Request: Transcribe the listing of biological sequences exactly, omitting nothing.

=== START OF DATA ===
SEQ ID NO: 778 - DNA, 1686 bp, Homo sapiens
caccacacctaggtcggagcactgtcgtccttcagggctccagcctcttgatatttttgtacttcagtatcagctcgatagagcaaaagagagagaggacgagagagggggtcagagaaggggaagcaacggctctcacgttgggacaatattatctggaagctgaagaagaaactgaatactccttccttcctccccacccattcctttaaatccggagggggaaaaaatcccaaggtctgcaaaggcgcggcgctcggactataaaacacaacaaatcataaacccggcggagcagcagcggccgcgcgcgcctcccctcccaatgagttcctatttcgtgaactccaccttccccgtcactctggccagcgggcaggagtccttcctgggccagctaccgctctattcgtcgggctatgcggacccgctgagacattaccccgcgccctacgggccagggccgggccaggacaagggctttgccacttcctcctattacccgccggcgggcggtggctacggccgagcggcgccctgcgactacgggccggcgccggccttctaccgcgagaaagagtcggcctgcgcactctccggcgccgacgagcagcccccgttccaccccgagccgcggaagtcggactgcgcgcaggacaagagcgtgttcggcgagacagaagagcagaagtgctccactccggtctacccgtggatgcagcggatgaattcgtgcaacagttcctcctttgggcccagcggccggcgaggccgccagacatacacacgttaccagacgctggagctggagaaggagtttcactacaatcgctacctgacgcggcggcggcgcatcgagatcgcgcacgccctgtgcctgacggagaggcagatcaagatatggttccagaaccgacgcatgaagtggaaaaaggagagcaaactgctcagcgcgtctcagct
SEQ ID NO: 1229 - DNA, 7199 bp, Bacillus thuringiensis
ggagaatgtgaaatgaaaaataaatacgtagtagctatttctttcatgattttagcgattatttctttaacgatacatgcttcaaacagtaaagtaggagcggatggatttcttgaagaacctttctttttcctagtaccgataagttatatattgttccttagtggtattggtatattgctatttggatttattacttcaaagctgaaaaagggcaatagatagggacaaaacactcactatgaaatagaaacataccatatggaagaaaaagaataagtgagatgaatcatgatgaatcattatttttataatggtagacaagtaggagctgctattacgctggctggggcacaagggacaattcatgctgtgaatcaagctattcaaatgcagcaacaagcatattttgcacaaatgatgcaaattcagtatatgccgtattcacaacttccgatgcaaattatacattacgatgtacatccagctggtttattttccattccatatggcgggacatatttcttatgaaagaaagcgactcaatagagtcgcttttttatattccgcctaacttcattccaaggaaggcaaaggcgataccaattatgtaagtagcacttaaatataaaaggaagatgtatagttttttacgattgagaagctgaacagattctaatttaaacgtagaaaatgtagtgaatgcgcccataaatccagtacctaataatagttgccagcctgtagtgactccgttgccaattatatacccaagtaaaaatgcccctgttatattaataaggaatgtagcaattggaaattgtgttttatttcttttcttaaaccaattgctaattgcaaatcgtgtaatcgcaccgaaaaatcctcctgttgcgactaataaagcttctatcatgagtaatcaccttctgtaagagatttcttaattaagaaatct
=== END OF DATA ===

SEQ ID NO: 778 - DNA, 1686 bp, Homo sapiens
caccacacctaggtcggagcactgtcgtccttcagggctccagcctcttgatatttttgtacttcagtatcagctcgatagagcaaaagagagagaggacgagagagggggtcagagaaggggaagcaacggctctcacgttgggacaatattatctggaagctgaagaagaaactgaatactccttccttcctccccacccattcctttaaatccggagggggaaaaaatcccaaggtctgcaaaggcgcggcgctcggactataaaacacaacaaatcataaacccggcggagcagcagcggccgcgcgcgcctcccctcccaatgagttcctatttcgtgaactccaccttccccgtcactctggccagcgggcaggagtccttcctgggccagctaccgctctattcgtcgggctatgcggacccgctgagacattaccccgcgccctacgggccagggccgggccaggacaagggctttgccacttcctcctattacccgccggcgggcggtggctacggccgagcggcgccctgcgactacgggccggcgccggccttctaccgcgagaaagagtcggcctgcgcactctccggcgccgacgagcagcccccgttccaccccgagccgcggaagtcggactgcgcgcaggacaagagcgtgttcggcgagacagaagagcagaagtgctccactccggtctacccgtggatgcagcggatgaattcgtgcaacagttcctcctttgggcccagcggccggcgaggccgccagacatacacacgttaccagacgctggagctggagaaggagtttcactacaatcgctacctgacgcggcggcggcgcatcgagatcgcgcacgccctgtgcctgacggagaggcagatcaagatatggttccagaaccgacgcatgaagtggaaaaaggagagcaaactgctcagcgcgtctcagct
SEQ ID NO: 1229 - DNA, 7199 bp, Bacillus thuringiensis
ggagaatgtgaaatgaaaaataaatacgtagtagctatttctttcatgattttagcgattatttctttaacgatacatgcttcaaacagtaaagtaggagcggatggatttcttgaagaacctttctttttcctagtaccgataagttatatattgttccttagtggtattggtatattgctatttggatttattacttcaaagctgaaaaagggcaatagatagggacaaaacactcactatgaaatagaaacataccatatggaagaaaaagaataagtgagatgaatcatgatgaatcattatttttataatggtagacaagtaggagctgctattacgctggctggggcacaagggacaattcatgctgtgaatcaagctattcaaatgcagcaacaagcatattttgcacaaatgatgcaaattcagtatatgccgtattcacaacttccgatgcaaattatacattacgatgtacatccagctggtttattttccattccatatggcgggacatatttcttatgaaagaaagcgactcaatagagtcgcttttttatattccgcctaacttcattccaaggaaggcaaaggcgataccaattatgtaagtagcacttaaatataaaaggaagatgtatagttttttacgattgagaagctgaacagattctaatttaaacgtagaaaatgtagtgaatgcgcccataaatccagtacctaataatagttgccagcctgtagtgactccgttgccaattatatacccaagtaaaaatgcccctgttatattaataaggaatgtagcaattggaaattgtgttttatttcttttcttaaaccaattgctaattgcaaatcgtgtaatcgcaccgaaaaatcctcctgttgcgactaataaagcttctatcatgagtaatcaccttctgtaagagatttcttaattaagaaatct